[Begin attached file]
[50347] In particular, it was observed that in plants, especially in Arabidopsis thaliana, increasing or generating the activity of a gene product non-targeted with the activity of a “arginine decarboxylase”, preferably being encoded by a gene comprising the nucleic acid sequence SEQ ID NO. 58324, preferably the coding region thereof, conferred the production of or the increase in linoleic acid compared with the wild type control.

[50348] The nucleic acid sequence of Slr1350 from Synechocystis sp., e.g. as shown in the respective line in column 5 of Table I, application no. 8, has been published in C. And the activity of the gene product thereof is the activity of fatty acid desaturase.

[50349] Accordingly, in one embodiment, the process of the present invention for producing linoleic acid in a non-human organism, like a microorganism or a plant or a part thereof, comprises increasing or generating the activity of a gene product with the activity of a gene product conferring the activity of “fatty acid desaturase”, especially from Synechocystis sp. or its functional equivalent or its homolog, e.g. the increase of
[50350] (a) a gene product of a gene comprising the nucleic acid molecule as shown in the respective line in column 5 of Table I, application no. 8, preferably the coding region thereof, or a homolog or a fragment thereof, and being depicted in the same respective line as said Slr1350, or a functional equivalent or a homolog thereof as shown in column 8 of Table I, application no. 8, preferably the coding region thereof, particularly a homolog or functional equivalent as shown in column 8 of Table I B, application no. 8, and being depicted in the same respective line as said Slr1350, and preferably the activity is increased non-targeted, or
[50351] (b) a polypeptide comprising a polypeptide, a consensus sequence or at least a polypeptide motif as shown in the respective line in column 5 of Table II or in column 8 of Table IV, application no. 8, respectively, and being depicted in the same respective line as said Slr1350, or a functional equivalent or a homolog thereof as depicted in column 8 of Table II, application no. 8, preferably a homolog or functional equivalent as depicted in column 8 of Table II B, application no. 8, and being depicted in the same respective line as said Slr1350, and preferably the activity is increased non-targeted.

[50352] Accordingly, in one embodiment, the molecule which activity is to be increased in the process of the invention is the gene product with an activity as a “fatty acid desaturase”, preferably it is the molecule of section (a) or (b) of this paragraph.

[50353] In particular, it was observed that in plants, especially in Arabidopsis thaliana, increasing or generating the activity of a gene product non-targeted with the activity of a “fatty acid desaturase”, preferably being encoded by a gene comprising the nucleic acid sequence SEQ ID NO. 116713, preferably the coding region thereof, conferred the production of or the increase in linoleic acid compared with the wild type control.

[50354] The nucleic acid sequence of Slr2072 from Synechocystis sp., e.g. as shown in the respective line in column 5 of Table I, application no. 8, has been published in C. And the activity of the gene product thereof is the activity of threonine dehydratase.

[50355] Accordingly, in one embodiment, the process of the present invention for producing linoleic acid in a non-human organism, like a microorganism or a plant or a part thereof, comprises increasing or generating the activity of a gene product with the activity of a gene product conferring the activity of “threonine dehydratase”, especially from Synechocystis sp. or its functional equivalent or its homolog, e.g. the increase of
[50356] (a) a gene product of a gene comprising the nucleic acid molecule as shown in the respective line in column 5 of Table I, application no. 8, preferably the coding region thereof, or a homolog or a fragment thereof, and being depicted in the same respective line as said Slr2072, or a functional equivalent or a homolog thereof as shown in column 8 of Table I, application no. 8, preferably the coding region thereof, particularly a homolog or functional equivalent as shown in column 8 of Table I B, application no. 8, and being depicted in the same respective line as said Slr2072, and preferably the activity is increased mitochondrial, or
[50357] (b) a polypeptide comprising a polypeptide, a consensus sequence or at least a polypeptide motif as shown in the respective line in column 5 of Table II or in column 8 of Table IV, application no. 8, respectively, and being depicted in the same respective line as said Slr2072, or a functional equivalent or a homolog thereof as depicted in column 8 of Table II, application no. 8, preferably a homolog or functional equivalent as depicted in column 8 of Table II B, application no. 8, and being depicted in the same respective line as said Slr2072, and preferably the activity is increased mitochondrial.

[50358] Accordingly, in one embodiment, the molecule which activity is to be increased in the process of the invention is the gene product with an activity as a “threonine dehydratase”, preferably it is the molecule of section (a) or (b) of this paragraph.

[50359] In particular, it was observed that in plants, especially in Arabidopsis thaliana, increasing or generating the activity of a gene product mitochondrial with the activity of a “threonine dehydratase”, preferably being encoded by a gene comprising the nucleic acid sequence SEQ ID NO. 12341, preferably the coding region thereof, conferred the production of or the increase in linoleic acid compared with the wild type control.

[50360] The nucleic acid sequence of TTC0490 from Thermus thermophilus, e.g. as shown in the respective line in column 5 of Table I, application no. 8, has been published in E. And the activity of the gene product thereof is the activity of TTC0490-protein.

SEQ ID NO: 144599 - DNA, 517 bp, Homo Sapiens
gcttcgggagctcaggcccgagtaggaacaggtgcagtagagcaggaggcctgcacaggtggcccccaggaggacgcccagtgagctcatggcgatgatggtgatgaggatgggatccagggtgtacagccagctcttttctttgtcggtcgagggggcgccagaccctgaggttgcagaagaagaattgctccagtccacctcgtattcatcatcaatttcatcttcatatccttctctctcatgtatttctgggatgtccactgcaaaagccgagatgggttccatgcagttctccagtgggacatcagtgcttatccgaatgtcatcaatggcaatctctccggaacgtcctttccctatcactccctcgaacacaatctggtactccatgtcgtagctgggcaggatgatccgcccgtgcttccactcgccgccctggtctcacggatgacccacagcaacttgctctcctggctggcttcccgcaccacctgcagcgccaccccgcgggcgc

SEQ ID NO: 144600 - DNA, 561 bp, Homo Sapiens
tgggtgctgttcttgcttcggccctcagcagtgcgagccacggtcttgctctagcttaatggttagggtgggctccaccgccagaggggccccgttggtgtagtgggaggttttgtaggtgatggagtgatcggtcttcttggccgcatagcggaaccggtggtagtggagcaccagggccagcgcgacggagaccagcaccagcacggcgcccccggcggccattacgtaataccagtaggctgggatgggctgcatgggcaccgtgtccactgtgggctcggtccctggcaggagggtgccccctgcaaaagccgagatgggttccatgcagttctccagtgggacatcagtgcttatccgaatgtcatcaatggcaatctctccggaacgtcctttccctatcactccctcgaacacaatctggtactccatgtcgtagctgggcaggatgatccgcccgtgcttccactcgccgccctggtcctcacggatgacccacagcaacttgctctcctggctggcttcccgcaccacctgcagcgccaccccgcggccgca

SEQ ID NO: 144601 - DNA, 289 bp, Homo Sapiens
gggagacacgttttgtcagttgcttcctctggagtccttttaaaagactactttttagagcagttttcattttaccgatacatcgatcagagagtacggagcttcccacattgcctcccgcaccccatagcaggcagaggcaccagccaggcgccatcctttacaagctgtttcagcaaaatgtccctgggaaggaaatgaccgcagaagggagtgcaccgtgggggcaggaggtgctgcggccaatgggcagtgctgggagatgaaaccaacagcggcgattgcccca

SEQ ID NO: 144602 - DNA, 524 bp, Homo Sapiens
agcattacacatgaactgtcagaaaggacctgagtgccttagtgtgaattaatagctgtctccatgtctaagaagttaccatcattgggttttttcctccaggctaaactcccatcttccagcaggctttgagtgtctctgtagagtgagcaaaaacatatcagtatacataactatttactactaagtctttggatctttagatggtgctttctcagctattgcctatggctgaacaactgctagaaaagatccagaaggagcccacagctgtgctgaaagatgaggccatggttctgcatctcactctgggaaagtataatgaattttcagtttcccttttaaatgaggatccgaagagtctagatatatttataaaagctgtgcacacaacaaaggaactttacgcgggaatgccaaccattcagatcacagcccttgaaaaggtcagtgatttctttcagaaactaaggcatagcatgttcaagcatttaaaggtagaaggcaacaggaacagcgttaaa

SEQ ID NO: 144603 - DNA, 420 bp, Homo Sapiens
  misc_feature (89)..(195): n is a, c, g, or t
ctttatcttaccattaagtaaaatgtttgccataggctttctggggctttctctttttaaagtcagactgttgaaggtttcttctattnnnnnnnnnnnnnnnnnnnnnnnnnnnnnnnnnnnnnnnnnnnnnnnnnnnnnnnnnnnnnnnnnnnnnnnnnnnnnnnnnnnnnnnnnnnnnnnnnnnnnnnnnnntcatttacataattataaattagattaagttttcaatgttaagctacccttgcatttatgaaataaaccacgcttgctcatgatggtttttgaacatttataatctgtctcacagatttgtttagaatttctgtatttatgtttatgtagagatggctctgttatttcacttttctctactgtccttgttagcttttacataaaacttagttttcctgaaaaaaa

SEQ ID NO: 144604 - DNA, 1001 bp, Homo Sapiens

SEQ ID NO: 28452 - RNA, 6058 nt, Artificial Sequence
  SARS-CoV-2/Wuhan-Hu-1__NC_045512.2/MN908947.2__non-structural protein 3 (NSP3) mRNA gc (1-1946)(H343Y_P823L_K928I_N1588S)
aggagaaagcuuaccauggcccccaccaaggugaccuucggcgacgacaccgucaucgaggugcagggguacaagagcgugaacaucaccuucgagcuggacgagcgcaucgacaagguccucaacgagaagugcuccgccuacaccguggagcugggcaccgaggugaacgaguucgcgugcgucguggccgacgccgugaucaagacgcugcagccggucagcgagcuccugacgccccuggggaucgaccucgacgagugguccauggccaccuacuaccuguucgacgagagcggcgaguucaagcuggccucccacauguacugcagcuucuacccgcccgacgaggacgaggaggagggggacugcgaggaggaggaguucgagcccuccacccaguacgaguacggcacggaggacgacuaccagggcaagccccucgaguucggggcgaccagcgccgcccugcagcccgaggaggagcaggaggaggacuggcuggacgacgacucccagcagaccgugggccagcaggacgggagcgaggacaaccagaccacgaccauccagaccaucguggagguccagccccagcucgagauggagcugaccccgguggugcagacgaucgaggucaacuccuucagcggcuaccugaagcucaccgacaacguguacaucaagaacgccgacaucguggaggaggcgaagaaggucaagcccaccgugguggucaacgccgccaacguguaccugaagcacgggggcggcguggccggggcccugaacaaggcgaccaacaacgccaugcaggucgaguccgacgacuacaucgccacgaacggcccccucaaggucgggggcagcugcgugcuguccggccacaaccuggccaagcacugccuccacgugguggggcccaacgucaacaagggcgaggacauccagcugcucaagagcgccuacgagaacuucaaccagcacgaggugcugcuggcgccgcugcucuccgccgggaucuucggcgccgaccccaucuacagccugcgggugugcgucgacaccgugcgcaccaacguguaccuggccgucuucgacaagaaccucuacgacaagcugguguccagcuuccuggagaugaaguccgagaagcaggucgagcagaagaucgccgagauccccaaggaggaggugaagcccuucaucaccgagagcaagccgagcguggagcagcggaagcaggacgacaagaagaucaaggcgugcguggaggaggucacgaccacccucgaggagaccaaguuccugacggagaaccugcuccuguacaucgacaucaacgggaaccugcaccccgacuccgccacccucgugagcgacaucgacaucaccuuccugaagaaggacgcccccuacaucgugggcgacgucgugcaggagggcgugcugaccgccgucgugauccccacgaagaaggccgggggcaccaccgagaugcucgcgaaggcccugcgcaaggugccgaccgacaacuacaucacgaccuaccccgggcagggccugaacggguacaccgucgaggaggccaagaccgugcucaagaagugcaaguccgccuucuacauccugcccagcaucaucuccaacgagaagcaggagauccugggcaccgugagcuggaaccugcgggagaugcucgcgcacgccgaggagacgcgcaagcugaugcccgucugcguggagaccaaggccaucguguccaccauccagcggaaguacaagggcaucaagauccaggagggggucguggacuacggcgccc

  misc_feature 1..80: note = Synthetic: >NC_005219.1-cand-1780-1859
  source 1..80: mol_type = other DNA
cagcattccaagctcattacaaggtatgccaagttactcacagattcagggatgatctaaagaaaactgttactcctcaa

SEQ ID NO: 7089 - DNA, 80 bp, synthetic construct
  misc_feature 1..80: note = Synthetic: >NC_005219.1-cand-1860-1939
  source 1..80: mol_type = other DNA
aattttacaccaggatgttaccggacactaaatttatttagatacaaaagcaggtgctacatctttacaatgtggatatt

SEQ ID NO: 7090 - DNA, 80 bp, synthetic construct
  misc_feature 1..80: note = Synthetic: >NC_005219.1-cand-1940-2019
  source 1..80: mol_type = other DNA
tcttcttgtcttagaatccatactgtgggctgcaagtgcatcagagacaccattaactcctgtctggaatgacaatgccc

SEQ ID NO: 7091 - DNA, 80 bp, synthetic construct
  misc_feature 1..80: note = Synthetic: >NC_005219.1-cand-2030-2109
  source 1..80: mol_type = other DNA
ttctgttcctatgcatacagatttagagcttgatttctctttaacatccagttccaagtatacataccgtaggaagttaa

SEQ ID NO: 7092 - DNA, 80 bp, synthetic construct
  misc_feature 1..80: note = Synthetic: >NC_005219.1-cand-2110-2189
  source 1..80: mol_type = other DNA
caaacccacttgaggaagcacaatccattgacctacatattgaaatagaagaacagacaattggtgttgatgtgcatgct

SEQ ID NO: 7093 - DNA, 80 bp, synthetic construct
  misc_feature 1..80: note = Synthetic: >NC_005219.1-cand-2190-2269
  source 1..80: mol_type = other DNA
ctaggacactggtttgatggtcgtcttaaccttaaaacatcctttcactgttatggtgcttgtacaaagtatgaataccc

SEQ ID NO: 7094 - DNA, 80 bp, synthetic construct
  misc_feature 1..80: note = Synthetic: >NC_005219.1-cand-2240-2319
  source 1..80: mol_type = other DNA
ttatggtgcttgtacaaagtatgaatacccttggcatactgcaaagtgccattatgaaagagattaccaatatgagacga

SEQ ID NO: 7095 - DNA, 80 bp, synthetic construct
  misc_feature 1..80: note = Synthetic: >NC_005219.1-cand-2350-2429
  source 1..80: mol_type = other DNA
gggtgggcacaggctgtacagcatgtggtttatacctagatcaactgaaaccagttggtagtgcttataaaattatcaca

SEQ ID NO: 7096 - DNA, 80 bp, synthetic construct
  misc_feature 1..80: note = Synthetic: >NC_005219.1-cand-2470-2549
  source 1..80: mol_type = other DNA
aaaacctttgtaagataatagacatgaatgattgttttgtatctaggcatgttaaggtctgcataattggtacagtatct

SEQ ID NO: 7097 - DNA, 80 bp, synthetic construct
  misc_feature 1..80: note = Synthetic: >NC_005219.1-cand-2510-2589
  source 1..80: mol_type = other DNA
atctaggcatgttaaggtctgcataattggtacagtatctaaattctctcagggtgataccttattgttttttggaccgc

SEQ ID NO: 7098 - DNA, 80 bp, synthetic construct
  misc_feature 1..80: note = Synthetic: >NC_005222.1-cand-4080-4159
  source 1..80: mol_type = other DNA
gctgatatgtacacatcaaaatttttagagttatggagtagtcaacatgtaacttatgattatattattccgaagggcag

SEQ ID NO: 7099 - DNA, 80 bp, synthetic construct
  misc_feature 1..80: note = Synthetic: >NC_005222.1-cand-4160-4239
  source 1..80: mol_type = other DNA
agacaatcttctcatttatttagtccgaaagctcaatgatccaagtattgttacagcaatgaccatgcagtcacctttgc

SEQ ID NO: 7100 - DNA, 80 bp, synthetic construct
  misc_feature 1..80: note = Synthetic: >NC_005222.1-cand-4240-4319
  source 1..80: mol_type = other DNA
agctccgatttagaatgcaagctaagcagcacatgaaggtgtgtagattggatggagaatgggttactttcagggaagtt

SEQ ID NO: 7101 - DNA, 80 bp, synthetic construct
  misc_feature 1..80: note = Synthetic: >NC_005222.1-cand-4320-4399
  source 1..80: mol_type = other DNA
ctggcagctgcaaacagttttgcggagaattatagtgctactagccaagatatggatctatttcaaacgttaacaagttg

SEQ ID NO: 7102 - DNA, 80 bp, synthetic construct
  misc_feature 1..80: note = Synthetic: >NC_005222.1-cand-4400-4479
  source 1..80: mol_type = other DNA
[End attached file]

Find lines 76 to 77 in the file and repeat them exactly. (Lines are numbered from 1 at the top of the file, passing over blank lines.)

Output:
agacaatcttctcatttatttagtccgaaagctcaatgatccaagtattgttacagcaatgaccatgcagtcacctttgc

SEQ ID NO: 7100 - DNA, 80 bp, synthetic construct